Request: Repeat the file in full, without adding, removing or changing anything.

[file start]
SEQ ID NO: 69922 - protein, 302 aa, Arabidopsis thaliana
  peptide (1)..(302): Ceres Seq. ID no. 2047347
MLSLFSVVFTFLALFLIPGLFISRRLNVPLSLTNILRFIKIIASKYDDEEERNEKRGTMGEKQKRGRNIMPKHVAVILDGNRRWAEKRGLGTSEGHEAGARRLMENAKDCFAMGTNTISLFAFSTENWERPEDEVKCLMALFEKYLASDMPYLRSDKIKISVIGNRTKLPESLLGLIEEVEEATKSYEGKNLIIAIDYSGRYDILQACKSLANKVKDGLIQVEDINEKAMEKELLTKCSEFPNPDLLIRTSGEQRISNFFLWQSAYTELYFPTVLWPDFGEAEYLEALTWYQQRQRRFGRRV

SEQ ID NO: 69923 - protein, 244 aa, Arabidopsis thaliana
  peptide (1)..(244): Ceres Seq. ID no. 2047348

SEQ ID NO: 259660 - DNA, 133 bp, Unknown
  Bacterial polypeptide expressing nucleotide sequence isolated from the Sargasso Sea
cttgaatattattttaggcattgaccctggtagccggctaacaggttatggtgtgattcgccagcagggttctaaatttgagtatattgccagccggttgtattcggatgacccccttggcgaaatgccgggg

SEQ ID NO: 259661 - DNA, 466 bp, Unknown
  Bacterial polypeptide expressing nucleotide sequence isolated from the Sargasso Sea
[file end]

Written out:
SEQ ID NO: 69922 - protein, 302 aa, Arabidopsis thaliana
  peptide (1)..(302): Ceres Seq. ID no. 2047347
MLSLFSVVFTFLALFLIPGLFISRRLNVPLSLTNILRFIKIIASKYDDEEERNEKRGTMGEKQKRGRNIMPKHVAVILDGNRRWAEKRGLGTSEGHEAGARRLMENAKDCFAMGTNTISLFAFSTENWERPEDEVKCLMALFEKYLASDMPYLRSDKIKISVIGNRTKLPESLLGLIEEVEEATKSYEGKNLIIAIDYSGRYDILQACKSLANKVKDGLIQVEDINEKAMEKELLTKCSEFPNPDLLIRTSGEQRISNFFLWQSAYTELYFPTVLWPDFGEAEYLEALTWYQQRQRRFGRRV

SEQ ID NO: 69923 - protein, 244 aa, Arabidopsis thaliana
  peptide (1)..(244): Ceres Seq. ID no. 2047348

SEQ ID NO: 259660 - DNA, 133 bp, Unknown
  Bacterial polypeptide expressing nucleotide sequence isolated from the Sargasso Sea
cttgaatattattttaggcattgaccctggtagccggctaacaggttatggtgtgattcgccagcagggttctaaatttgagtatattgccagccggttgtattcggatgacccccttggcgaaatgccgggg

SEQ ID NO: 259661 - DNA, 466 bp, Unknown
  Bacterial polypeptide expressing nucleotide sequence isolated from the Sargasso Sea